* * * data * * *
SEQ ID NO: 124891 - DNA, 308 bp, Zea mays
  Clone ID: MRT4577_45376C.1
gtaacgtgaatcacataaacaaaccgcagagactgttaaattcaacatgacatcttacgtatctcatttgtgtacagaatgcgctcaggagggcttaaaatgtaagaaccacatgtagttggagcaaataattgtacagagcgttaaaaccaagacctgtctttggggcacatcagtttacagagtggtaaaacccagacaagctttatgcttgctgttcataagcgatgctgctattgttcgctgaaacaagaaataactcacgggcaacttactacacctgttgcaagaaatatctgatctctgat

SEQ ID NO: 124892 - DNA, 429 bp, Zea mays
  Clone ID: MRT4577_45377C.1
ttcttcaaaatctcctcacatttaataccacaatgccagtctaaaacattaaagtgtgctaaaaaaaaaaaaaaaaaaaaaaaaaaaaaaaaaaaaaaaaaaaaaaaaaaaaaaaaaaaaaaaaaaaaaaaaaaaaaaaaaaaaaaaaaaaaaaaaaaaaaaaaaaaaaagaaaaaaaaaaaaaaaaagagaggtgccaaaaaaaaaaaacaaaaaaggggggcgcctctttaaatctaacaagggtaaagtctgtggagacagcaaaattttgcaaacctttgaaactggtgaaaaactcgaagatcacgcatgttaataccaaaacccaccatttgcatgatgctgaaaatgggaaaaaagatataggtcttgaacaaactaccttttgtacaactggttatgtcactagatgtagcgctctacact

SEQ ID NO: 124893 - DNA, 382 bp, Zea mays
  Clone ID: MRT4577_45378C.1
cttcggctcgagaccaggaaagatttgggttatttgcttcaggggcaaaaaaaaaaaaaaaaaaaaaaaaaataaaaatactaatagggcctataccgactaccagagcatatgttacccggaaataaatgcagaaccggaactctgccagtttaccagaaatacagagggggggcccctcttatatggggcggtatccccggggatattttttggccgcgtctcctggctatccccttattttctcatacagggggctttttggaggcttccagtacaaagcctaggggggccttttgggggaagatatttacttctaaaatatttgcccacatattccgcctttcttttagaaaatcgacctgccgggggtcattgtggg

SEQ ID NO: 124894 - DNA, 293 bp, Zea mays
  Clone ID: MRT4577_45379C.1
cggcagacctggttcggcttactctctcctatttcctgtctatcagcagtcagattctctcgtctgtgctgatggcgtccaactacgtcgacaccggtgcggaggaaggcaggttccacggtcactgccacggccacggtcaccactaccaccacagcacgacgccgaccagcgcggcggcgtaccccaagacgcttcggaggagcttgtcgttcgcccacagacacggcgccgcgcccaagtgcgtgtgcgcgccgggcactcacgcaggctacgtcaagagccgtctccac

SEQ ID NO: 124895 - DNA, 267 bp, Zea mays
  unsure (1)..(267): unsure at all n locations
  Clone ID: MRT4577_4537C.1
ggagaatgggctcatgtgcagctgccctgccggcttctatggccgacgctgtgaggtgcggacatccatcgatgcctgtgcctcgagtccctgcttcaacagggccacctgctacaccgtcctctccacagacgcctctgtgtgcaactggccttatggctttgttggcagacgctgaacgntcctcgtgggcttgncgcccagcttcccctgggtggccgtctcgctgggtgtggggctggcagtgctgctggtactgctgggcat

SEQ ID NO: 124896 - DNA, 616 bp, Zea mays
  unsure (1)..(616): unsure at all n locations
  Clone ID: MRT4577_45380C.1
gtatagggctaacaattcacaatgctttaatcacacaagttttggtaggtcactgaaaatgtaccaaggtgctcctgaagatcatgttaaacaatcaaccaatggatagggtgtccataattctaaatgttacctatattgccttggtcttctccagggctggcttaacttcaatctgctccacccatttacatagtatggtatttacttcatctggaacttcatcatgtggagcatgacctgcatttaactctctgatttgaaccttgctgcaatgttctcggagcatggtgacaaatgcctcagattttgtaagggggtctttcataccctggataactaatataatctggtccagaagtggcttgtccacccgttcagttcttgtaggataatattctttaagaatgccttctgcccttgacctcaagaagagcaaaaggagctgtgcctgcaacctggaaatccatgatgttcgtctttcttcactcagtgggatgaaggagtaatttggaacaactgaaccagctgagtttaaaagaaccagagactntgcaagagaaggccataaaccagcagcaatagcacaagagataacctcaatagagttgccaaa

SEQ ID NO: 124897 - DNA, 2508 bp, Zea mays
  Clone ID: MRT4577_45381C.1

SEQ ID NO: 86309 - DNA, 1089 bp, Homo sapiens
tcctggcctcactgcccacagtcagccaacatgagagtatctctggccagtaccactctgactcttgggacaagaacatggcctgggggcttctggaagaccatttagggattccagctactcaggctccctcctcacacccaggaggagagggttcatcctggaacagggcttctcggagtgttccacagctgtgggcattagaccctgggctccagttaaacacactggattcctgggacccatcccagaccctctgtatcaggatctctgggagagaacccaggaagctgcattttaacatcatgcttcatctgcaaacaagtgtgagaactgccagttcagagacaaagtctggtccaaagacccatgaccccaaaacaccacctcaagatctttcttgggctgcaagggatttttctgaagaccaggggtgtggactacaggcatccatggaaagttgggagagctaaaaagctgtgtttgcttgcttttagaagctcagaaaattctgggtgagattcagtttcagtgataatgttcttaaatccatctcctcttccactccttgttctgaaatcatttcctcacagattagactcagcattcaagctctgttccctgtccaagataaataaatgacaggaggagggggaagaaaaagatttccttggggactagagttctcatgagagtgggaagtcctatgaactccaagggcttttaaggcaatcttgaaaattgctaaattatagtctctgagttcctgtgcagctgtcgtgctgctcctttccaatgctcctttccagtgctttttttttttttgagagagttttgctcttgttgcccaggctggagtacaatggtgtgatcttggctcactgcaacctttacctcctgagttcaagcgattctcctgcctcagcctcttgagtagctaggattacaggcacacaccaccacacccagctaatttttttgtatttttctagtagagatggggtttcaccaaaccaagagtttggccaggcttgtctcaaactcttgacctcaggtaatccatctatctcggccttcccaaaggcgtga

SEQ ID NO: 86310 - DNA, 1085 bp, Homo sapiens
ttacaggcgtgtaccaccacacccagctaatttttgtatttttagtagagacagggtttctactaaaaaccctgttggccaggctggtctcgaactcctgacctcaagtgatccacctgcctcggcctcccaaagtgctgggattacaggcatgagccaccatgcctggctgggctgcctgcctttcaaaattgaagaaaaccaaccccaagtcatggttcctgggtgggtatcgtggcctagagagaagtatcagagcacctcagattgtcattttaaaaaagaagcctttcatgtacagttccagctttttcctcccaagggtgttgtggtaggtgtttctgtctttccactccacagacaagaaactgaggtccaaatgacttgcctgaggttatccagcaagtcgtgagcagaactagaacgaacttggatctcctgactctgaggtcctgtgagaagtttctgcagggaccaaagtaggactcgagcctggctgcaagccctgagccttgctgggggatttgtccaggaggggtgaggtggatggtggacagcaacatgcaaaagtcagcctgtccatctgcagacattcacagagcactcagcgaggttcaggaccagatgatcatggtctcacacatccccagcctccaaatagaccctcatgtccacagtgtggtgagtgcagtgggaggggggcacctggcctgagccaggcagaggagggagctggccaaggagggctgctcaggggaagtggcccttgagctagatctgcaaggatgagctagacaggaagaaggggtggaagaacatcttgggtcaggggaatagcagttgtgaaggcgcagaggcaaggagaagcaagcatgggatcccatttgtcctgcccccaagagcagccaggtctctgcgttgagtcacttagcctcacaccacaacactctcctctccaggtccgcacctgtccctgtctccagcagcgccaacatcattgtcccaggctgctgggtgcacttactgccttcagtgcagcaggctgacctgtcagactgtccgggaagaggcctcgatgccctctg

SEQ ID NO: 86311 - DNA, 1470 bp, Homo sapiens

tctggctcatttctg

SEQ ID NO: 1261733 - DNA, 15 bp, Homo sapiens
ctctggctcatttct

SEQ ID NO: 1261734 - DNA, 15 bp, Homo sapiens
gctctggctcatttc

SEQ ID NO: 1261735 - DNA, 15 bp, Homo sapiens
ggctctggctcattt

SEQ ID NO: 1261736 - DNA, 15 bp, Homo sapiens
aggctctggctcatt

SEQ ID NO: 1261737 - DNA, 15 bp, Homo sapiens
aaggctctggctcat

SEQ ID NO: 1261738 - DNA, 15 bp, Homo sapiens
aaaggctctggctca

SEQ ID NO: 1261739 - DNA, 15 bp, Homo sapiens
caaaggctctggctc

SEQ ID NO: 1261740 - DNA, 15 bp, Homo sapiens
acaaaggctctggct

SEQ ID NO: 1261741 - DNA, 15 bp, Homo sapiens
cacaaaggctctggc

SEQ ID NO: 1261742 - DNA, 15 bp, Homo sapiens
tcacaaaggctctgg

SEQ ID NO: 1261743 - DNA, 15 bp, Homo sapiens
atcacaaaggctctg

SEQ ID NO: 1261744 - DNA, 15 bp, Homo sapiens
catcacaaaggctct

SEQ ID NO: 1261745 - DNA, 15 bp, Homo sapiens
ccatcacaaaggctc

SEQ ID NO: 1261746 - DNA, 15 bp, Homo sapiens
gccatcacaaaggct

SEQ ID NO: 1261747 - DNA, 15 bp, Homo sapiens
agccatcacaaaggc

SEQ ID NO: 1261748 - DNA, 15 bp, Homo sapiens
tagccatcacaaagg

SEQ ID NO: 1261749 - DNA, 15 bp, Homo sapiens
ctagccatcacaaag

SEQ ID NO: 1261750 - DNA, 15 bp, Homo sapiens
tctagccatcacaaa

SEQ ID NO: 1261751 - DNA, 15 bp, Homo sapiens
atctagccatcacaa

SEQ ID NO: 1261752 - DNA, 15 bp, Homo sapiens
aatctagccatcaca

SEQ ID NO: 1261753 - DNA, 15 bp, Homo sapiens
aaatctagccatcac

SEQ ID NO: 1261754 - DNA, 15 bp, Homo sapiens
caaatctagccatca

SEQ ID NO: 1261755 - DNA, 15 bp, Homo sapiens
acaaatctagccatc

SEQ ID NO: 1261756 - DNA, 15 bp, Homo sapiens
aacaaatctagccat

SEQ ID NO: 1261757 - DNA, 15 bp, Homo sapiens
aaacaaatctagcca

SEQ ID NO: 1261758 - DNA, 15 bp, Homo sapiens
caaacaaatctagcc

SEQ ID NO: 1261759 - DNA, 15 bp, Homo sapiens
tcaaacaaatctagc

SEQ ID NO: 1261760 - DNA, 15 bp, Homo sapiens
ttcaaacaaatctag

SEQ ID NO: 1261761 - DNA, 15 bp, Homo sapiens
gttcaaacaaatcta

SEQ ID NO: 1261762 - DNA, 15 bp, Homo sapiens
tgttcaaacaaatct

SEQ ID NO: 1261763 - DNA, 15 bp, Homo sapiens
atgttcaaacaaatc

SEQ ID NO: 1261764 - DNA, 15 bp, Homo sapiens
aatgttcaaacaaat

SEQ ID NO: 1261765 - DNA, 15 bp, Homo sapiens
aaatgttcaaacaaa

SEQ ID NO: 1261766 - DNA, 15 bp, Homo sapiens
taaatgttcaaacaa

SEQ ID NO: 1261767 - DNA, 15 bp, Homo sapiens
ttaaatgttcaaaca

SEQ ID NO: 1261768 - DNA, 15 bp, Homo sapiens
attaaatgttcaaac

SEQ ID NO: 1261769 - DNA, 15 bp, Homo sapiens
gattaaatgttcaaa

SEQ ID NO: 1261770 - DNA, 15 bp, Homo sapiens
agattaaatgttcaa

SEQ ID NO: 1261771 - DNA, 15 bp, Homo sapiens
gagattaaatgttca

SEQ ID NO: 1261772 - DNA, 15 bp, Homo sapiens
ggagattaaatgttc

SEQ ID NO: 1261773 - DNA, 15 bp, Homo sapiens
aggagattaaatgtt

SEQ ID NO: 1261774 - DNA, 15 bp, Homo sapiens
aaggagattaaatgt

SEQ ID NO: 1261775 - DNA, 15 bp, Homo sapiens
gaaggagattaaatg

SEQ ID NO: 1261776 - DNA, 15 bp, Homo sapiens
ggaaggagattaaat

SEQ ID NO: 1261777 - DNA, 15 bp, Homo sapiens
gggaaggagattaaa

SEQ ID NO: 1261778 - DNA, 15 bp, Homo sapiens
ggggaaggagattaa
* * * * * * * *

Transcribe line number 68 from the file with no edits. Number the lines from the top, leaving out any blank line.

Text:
aatctagccatcaca